Obama`s victory is great but not complete: the Iranian bomb is not ready!

Featured Videos

Your JavaScript is turned off or you have an old version of Adobe's Flash Player. Get the latest Flash player.
Obama Urges Closer Economic Ties During Historic India Visiti
X
Aru Pande
January 26, 2015 9:33 PM
U.S. President Barack Obama says the United States and India must do better to capitalize on untapped potential in their economic relationship - by removing some of the roadblocks to greater trade and investment. As VOA correspondent Aru Pande reports from New Delhi, Obama spoke after participating in India’s Republic Day celebration.
Video

Video Obama Urges Closer Economic Ties During Historic India Visit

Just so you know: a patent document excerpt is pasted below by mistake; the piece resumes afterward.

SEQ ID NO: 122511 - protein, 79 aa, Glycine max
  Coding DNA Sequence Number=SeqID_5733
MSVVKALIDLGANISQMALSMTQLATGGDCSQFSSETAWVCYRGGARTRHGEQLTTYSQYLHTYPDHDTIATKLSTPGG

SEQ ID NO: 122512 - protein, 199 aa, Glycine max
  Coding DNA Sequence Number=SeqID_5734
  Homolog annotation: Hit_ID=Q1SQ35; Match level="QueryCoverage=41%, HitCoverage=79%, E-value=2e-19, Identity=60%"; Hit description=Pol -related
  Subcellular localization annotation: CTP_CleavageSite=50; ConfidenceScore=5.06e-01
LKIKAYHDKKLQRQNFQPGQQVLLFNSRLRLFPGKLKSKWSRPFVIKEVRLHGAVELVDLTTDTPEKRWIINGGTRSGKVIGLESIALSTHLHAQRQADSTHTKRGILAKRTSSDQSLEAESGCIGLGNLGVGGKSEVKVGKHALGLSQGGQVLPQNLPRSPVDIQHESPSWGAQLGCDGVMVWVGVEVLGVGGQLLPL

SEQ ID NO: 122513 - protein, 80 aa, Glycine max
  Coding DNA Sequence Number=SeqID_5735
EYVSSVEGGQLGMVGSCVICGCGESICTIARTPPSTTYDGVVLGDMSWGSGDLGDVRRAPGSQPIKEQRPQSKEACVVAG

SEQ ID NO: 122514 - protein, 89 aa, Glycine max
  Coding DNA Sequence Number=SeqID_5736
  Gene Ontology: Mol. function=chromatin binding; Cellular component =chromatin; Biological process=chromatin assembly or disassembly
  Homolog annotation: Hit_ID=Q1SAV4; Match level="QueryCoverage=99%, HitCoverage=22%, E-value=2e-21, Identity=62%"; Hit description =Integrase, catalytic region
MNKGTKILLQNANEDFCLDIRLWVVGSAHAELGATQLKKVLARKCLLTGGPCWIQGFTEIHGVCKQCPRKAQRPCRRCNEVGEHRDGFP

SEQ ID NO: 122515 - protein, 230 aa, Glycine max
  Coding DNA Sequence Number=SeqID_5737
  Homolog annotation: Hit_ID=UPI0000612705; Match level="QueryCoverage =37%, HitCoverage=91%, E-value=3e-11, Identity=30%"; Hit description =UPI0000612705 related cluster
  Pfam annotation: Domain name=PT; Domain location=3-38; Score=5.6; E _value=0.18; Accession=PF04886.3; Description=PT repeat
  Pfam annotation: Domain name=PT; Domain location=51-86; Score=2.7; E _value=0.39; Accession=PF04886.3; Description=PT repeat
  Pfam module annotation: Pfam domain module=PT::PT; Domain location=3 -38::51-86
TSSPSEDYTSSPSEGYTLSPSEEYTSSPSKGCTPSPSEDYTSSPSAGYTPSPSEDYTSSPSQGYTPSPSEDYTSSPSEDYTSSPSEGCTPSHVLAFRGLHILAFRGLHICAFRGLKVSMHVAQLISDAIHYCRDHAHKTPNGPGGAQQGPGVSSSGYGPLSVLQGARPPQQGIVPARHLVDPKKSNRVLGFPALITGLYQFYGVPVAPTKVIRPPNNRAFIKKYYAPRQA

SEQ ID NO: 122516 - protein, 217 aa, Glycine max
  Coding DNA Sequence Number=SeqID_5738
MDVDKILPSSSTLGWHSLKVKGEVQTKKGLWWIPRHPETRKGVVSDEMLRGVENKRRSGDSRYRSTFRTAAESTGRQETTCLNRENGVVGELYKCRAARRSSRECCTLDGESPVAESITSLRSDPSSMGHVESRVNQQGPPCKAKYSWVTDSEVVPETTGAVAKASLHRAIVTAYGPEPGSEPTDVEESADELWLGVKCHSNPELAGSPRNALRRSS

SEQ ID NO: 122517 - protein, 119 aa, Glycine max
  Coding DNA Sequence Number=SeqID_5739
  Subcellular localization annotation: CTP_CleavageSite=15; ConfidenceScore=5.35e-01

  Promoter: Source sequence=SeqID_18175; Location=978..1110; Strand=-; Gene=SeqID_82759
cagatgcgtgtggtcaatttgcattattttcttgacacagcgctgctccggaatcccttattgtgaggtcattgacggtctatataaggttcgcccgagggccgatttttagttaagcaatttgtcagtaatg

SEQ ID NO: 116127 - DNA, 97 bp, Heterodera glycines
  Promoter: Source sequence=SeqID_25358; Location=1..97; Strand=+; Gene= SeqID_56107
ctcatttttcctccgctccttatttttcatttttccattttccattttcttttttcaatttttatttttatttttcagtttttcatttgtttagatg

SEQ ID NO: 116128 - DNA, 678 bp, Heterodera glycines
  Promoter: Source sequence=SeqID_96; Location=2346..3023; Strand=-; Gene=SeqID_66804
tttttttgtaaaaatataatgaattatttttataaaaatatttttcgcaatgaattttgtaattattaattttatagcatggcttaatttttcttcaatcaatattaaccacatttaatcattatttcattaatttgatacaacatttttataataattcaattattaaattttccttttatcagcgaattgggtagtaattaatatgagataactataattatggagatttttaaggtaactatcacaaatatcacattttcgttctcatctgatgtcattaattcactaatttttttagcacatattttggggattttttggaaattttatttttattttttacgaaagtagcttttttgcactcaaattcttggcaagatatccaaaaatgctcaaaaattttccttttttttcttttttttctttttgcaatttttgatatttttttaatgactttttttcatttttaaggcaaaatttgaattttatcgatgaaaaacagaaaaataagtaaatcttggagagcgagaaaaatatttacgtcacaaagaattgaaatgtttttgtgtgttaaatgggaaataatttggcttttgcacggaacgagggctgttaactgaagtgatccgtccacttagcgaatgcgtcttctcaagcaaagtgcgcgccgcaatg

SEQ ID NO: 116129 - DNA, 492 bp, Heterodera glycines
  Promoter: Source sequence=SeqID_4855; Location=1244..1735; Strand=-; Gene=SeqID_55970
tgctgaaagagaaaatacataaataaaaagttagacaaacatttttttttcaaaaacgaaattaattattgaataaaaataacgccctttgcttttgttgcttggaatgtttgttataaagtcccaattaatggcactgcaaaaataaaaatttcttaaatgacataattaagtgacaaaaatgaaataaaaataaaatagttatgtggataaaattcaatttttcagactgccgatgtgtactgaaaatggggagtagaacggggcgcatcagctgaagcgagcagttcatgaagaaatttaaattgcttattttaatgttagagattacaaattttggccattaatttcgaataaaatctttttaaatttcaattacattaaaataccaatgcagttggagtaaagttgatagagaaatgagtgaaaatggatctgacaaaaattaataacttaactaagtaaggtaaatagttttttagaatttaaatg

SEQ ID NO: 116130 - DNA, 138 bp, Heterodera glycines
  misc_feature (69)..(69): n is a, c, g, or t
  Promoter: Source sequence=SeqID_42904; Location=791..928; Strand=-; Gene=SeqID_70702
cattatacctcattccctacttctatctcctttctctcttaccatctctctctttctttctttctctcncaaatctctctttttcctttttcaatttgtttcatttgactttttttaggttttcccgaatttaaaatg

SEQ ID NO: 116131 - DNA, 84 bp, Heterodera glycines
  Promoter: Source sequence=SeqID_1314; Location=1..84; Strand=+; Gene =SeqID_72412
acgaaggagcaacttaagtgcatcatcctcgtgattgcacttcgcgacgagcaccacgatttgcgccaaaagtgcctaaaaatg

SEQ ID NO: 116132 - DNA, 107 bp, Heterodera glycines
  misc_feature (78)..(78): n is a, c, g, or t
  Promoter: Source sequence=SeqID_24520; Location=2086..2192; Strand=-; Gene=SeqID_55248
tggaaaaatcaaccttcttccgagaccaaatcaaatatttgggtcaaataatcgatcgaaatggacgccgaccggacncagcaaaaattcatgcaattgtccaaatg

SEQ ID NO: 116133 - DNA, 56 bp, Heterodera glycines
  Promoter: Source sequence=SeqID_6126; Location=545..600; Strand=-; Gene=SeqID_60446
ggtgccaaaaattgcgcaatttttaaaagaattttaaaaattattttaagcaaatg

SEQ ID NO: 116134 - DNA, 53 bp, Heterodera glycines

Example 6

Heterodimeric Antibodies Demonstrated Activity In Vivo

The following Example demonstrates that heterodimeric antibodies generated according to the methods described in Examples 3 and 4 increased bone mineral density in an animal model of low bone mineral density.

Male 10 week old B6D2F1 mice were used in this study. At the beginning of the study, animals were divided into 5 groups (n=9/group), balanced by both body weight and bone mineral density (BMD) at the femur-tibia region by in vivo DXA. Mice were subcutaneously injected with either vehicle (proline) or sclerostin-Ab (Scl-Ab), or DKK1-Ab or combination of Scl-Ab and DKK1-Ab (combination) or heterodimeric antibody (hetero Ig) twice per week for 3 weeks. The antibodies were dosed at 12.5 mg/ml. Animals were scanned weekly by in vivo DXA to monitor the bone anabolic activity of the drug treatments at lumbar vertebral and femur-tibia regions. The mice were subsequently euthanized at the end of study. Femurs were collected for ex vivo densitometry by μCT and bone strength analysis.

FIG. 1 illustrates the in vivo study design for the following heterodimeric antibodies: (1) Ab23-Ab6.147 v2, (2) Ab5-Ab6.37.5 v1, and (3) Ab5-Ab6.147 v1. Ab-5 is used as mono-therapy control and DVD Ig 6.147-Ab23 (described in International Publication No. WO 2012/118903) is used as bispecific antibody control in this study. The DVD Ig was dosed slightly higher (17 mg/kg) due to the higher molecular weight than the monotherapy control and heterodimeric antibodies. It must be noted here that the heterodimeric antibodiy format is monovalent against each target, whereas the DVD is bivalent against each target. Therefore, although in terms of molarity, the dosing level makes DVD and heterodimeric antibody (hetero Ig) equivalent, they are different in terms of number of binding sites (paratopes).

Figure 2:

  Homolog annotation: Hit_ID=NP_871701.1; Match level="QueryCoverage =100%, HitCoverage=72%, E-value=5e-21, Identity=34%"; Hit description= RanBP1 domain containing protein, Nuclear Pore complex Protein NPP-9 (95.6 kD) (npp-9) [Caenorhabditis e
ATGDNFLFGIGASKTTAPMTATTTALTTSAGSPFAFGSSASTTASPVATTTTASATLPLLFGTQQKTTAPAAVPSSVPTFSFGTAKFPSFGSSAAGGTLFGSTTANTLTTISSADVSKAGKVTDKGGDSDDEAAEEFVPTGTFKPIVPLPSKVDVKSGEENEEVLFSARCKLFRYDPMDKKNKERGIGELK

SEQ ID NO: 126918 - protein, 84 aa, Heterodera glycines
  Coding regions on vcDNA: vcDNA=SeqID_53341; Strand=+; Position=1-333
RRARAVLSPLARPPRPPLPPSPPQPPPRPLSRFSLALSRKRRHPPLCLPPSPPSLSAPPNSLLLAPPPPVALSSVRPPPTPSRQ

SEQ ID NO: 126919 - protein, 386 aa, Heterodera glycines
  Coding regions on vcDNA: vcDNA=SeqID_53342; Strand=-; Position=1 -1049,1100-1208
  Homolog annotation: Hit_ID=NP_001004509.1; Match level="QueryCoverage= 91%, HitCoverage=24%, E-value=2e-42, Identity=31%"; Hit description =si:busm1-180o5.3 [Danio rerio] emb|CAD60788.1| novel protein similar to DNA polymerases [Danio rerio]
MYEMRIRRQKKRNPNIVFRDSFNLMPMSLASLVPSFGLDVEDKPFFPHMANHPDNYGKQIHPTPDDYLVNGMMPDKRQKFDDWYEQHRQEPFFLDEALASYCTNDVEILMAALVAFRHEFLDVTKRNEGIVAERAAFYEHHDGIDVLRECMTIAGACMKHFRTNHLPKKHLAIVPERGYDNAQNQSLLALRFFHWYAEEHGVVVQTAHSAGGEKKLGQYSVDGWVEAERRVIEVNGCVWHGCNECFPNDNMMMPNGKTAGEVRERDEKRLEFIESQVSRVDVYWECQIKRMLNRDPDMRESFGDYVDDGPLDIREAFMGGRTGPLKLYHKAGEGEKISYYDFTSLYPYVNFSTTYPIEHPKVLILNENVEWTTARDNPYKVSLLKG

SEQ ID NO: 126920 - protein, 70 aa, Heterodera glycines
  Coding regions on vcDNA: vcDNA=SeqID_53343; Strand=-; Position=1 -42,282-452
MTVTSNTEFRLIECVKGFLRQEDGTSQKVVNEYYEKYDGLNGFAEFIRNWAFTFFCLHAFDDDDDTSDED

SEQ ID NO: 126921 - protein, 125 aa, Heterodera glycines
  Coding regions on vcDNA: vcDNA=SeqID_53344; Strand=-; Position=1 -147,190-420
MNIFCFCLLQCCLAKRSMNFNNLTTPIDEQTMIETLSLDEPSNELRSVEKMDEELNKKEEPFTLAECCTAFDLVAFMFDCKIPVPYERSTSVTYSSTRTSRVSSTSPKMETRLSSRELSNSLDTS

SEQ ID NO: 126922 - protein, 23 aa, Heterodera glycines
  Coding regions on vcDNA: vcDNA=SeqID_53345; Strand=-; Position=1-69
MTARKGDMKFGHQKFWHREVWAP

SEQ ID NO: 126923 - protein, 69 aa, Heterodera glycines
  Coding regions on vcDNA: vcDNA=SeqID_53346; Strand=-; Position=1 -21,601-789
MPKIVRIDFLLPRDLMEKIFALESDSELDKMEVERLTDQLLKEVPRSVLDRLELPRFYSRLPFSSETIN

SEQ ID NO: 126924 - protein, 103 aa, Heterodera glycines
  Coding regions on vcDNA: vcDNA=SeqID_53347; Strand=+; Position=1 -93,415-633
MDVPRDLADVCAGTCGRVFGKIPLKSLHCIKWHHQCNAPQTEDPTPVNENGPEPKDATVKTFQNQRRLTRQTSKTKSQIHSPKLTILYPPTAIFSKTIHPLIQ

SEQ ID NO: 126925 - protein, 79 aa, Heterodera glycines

U.S. President Barack Obama says the United States and India must do better to capitalize on untapped potential in their economic relationship - by removing some of the roadblocks to greater trade and investment. As VOA correspondent Aru Pande reports from New Delhi, Obama spoke after participating in India’s Republic Day celebration.
Video

Video US, EU Threaten New Russia Sanctions Over Ukraine

U.S. President Barack Obama has blamed Russia for an attack by Ukrainian separatists that left dozens dead in the port of Mariupol and cast further doubt on the viability of last year’s cease-fire with the Kyiv government. VOA’s Michael Bowman reports from Washington.
Video

Video White House Grapples With Yemen Counterterrorism Strategy

Reports say the U.S. has carried out a drone strike on suspected militants in Yemen, the first after President Barack Obama offered reassurances the U.S. is continuing its counterterrorism operations in the country. The future of those operations has been in question following the collapse last week of Yemen’s government. VOA White House correspondent Luis Ramirez reports.
Video

Video Kerry Warns Against Violence in Nigeria Election